Our research group is interested in discovering the biochemical mechanism by which inflammatory mediators are produced during the Arachidonic acid cascade. We principally focus on the structure and function of the MAPEG (Membrane-Associated Proteins in Eicosanoid and Glutathione metabolism) family of enzymes, and seek to complement cutting edge experimental studies of their structural dynamics with computational analysis using the resources provided by NSC.
A particular member of this family, microsomal prostaglandin E synthase 1 (mPGES-1), catalyses the synthesis of PGE2 from PGH2 (produced by cyclooxygenases from arachidonic acid). PGE2 is a powerful mediator of pain and inflammation, and mPGES-1 is the principal source of inducible PGE2 under pro-inflammatory conditions. Since it is also the terminal enzyme is this biosynthetic pathway, it has emerged as an interesting drug target for the development of non-steroidal anti-inflammatory drugs.
Recently, we have probed the enzymatic mechanism using assays involving active site mutants in combination with experimental structural dynamics (1). This work was performed in part, using resources allocated on by SNIC.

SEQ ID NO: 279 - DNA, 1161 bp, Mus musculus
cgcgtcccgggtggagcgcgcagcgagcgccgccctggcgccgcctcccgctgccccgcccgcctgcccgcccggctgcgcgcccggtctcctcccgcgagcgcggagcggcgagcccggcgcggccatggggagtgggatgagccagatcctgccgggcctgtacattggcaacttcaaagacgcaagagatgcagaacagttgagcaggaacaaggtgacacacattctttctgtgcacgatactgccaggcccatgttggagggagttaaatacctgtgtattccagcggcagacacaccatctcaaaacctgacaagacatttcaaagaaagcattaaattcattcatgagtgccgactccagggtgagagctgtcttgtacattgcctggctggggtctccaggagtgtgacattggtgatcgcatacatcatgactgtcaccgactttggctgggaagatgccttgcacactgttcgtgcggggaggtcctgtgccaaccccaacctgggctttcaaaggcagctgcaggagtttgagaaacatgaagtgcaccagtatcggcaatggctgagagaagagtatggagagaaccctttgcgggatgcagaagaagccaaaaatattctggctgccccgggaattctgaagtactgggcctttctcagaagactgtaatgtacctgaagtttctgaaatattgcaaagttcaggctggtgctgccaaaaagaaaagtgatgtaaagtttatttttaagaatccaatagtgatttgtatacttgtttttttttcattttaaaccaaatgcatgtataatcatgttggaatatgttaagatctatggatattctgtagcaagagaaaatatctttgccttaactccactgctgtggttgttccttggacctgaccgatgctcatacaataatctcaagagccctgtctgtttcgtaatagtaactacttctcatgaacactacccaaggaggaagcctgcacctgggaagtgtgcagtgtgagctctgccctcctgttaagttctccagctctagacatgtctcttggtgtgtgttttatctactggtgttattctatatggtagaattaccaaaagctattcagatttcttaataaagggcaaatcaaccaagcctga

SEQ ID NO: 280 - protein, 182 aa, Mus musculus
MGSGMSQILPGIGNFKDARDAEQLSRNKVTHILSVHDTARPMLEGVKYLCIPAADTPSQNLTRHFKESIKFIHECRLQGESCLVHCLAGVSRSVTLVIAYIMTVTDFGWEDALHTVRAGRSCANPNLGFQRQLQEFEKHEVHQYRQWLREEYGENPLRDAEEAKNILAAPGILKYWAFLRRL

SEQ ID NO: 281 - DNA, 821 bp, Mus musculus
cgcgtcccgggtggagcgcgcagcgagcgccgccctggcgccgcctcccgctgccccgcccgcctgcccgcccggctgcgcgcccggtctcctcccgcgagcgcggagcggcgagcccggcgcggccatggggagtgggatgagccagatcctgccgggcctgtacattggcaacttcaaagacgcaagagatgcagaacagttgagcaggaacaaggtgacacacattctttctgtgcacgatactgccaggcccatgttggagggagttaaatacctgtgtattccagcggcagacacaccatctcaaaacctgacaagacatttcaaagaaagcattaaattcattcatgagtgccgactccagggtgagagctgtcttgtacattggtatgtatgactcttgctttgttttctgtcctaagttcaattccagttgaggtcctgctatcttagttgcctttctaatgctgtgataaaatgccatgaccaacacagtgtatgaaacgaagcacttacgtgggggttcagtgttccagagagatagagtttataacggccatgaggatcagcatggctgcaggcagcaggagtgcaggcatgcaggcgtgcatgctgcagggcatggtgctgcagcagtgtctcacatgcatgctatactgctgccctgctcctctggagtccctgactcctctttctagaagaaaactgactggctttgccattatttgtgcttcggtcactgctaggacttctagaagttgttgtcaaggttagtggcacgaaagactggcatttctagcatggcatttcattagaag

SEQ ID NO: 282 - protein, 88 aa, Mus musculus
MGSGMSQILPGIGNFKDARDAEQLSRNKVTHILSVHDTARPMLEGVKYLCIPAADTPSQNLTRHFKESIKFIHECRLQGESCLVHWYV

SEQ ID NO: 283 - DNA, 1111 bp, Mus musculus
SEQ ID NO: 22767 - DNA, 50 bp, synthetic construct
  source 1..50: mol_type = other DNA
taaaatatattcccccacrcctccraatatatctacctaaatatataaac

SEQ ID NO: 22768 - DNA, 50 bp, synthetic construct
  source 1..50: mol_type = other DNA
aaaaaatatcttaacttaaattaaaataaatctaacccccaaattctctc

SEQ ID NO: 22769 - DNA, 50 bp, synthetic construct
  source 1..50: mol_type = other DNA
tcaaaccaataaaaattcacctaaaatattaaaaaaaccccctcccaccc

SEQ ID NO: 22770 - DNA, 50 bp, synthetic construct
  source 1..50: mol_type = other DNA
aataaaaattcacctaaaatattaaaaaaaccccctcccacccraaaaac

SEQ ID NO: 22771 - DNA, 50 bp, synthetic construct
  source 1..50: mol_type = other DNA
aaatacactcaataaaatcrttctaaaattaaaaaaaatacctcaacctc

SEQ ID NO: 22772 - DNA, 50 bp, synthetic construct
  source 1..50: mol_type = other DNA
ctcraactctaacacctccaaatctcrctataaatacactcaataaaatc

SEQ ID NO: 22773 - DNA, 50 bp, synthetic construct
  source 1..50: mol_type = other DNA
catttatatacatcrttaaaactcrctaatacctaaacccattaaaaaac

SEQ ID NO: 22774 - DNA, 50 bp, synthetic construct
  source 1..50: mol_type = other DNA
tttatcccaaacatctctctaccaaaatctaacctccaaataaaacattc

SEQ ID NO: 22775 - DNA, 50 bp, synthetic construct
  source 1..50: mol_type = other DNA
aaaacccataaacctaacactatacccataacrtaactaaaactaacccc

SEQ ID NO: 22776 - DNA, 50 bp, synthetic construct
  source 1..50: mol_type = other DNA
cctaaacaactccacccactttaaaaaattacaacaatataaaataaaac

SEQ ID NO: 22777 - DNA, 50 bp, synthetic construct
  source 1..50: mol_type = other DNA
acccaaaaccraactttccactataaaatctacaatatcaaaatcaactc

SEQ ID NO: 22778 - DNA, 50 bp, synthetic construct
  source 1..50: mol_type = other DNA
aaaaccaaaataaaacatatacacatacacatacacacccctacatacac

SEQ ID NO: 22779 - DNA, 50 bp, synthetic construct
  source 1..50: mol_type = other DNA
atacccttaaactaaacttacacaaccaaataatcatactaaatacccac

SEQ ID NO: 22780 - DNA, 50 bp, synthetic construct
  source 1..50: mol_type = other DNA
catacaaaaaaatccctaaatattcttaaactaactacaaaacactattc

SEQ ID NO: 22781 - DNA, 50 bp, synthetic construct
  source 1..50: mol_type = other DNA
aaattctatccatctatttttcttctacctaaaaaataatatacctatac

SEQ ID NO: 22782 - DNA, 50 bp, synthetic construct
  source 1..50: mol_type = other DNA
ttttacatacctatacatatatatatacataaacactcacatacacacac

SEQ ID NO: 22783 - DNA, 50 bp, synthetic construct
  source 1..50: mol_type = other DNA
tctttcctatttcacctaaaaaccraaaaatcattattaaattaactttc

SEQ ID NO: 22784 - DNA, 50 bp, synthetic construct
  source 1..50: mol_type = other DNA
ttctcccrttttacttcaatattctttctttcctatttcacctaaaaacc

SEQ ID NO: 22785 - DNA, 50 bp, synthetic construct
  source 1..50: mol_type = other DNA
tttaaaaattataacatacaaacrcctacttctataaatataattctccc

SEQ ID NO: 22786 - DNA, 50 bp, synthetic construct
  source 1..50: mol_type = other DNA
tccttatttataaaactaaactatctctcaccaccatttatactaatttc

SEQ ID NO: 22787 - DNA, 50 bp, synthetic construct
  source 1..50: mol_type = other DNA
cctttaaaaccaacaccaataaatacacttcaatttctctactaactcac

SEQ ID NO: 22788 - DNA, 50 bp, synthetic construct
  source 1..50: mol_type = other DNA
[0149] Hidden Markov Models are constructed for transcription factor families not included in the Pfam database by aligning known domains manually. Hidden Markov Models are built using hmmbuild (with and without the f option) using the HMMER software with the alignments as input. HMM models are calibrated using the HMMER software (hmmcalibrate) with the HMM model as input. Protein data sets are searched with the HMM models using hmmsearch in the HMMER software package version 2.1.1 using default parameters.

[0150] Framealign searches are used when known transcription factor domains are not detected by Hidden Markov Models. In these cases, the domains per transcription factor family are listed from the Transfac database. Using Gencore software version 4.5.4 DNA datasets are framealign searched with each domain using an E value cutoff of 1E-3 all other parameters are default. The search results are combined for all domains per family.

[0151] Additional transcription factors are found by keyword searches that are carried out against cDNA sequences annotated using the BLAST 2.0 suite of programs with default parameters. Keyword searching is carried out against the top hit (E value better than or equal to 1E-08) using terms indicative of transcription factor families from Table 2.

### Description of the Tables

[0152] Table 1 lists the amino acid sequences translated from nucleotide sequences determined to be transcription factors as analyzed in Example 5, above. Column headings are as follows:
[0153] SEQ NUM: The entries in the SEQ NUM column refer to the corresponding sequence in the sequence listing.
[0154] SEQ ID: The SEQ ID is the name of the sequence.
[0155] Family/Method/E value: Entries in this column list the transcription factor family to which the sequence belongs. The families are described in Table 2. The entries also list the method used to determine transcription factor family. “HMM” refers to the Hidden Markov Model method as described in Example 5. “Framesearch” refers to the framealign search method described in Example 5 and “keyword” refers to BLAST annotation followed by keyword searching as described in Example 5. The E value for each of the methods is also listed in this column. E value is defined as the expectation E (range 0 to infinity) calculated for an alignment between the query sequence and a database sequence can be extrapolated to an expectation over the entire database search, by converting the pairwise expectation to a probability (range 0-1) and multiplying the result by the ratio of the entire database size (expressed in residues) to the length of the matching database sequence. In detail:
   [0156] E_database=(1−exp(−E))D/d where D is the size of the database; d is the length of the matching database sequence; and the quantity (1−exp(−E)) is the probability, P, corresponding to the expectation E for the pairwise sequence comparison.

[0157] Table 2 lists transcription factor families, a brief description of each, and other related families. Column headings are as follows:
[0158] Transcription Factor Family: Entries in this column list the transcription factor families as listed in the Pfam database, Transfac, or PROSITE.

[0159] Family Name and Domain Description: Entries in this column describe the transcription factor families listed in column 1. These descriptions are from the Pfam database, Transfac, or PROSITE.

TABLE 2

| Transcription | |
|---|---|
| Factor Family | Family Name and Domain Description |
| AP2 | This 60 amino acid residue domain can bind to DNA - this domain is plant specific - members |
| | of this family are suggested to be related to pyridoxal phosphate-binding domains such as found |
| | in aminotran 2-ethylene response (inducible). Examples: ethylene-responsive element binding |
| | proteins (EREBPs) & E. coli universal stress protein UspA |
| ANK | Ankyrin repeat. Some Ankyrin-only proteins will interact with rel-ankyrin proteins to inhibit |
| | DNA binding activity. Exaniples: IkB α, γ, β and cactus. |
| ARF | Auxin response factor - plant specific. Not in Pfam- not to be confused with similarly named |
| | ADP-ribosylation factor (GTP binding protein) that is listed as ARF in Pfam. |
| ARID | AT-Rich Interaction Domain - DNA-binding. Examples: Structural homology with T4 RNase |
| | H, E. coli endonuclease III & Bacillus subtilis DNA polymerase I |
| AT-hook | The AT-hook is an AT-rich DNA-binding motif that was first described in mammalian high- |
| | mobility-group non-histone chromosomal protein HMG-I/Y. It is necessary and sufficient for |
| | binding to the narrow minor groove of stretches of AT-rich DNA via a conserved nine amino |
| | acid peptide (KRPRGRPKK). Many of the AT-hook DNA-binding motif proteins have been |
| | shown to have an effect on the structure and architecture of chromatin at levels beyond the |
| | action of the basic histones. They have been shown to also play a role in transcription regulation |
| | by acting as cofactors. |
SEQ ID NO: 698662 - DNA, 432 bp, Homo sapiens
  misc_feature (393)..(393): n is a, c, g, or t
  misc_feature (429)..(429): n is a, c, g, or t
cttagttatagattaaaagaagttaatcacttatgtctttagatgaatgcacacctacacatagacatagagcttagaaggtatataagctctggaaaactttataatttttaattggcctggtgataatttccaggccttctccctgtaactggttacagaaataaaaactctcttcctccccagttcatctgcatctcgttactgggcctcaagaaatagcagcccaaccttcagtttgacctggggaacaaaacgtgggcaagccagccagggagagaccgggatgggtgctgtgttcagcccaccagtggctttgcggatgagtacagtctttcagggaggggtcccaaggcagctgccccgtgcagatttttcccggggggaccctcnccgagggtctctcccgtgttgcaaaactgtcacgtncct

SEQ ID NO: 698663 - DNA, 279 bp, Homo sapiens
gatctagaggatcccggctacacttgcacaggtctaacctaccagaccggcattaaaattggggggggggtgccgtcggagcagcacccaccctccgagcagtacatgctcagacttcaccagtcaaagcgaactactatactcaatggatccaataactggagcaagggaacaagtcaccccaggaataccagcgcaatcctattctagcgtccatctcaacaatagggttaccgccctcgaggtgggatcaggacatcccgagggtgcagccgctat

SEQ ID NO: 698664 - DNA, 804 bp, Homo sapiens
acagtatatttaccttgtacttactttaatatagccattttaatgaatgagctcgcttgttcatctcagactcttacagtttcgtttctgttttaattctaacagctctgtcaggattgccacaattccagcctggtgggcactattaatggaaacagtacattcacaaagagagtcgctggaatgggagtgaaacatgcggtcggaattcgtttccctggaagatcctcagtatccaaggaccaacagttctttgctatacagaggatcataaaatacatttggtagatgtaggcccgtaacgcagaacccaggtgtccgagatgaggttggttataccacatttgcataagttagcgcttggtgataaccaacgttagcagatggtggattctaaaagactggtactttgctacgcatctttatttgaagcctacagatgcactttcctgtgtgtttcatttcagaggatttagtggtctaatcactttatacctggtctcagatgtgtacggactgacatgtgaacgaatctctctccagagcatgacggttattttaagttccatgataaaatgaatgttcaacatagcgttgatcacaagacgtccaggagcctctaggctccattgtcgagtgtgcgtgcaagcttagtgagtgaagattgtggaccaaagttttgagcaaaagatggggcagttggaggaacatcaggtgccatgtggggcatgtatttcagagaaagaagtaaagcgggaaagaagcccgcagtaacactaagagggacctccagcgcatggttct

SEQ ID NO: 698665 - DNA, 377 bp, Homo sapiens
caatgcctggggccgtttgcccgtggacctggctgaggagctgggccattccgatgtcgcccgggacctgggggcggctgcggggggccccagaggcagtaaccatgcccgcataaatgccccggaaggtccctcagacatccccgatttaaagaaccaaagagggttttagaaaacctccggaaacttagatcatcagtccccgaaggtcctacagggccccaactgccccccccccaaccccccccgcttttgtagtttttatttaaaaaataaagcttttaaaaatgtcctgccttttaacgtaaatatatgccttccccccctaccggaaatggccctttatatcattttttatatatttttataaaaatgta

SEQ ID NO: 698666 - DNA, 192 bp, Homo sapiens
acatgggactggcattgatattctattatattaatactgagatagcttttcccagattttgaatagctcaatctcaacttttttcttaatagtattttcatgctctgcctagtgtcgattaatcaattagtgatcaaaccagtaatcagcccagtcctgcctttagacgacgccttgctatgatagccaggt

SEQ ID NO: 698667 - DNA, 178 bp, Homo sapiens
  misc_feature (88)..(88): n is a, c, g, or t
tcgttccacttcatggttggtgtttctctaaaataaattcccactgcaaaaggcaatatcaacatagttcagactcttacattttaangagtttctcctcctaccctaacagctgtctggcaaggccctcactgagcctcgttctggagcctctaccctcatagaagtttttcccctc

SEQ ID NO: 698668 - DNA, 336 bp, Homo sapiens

In contrast to a serine active site residue suggested by the crystal structure, our analysis implicates a dynamic arginine-aspartate salt bridge as essential for catalysis, and that the presence of membrane fine tunes the catalytic machinery.
We would like to elaborate on these results further using SNIC resources, comparing and cross validating room temperature X-ray diffraction data with molecular dynamics simulations and the discovery of novel pharmaceuticals with docking software.
1. Brock, J. S., Hamberg, M., Balagunaseelan, N., Goodman, M., Morgenstern, R., Strandback, E., et al. (2016). A dynamic Asp-Arg interaction is essential for catalysis in microsomal prostaglandin E2 synthase. Proceedings of the National Academy of Sciences of the United States of America, 113(4), 201522891–977. http://doi.org/10.1073/pnas.1522891113